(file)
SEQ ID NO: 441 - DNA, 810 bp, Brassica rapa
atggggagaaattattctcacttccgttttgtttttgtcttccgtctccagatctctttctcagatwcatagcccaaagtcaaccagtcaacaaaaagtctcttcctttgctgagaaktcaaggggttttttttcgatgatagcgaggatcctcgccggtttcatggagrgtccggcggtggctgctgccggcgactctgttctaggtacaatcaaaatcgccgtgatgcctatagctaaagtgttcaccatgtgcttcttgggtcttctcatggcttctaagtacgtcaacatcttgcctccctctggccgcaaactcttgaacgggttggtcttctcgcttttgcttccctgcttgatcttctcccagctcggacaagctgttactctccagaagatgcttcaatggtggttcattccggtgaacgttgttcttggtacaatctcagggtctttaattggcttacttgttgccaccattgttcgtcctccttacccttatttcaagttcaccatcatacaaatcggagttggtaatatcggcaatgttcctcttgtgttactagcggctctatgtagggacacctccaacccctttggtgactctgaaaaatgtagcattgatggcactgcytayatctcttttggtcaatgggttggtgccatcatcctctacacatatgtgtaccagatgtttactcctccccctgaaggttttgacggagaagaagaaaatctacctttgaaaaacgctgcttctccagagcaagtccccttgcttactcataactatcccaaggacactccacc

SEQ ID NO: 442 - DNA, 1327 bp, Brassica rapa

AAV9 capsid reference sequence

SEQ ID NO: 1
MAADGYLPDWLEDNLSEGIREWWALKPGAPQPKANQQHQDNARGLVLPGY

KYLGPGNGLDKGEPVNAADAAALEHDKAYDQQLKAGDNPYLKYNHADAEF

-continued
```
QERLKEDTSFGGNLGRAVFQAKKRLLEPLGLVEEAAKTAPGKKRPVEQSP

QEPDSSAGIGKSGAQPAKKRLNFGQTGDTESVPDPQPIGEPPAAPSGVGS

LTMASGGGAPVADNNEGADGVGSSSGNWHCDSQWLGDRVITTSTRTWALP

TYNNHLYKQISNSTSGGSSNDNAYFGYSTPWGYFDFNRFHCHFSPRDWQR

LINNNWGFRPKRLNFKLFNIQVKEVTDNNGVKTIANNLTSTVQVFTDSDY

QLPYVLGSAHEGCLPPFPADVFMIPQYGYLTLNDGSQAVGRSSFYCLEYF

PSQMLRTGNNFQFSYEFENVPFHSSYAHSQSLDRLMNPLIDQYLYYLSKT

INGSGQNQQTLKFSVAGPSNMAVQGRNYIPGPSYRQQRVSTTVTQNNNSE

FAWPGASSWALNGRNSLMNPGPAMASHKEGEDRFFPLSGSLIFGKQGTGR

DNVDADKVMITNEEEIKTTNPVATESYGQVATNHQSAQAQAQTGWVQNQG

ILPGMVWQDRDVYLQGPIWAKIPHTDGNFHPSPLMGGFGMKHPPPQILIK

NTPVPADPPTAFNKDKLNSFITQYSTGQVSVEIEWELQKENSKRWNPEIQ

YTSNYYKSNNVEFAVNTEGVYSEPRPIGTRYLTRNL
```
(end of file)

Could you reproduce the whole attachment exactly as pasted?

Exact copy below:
SEQ ID NO: 441 - DNA, 810 bp, Brassica rapa
atggggagaaattattctcacttccgttttgtttttgtcttccgtctccagatctctttctcagatwcatagcccaaagtcaaccagtcaacaaaaagtctcttcctttgctgagaaktcaaggggttttttttcgatgatagcgaggatcctcgccggtttcatggagrgtccggcggtggctgctgccggcgactctgttctaggtacaatcaaaatcgccgtgatgcctatagctaaagtgttcaccatgtgcttcttgggtcttctcatggcttctaagtacgtcaacatcttgcctccctctggccgcaaactcttgaacgggttggtcttctcgcttttgcttccctgcttgatcttctcccagctcggacaagctgttactctccagaagatgcttcaatggtggttcattccggtgaacgttgttcttggtacaatctcagggtctttaattggcttacttgttgccaccattgttcgtcctccttacccttatttcaagttcaccatcatacaaatcggagttggtaatatcggcaatgttcctcttgtgttactagcggctctatgtagggacacctccaacccctttggtgactctgaaaaatgtagcattgatggcactgcytayatctcttttggtcaatgggttggtgccatcatcctctacacatatgtgtaccagatgtttactcctccccctgaaggttttgacggagaagaagaaaatctacctttgaaaaacgctgcttctccagagcaagtccccttgcttactcataactatcccaaggacactccacc

SEQ ID NO: 442 - DNA, 1327 bp, Brassica rapa

AAV9 capsid reference sequence

SEQ ID NO: 1
MAADGYLPDWLEDNLSEGIREWWALKPGAPQPKANQQHQDNARGLVLPGY

KYLGPGNGLDKGEPVNAADAAALEHDKAYDQQLKAGDNPYLKYNHADAEF

-continued
```
QERLKEDTSFGGNLGRAVFQAKKRLLEPLGLVEEAAKTAPGKKRPVEQSP

QEPDSSAGIGKSGAQPAKKRLNFGQTGDTESVPDPQPIGEPPAAPSGVGS

LTMASGGGAPVADNNEGADGVGSSSGNWHCDSQWLGDRVITTSTRTWALP

TYNNHLYKQISNSTSGGSSNDNAYFGYSTPWGYFDFNRFHCHFSPRDWQR

LINNNWGFRPKRLNFKLFNIQVKEVTDNNGVKTIANNLTSTVQVFTDSDY

QLPYVLGSAHEGCLPPFPADVFMIPQYGYLTLNDGSQAVGRSSFYCLEYF

PSQMLRTGNNFQFSYEFENVPFHSSYAHSQSLDRLMNPLIDQYLYYLSKT

INGSGQNQQTLKFSVAGPSNMAVQGRNYIPGPSYRQQRVSTTVTQNNNSE

FAWPGASSWALNGRNSLMNPGPAMASHKEGEDRFFPLSGSLIFGKQGTGR

DNVDADKVMITNEEEIKTTNPVATESYGQVATNHQSAQAQAQTGWVQNQG

ILPGMVWQDRDVYLQGPIWAKIPHTDGNFHPSPLMGGFGMKHPPPQILIK

NTPVPADPPTAFNKDKLNSFITQYSTGQVSVEIEWELQKENSKRWNPEIQ

YTSNYYKSNNVEFAVNTEGVYSEPRPIGTRYLTRNL
```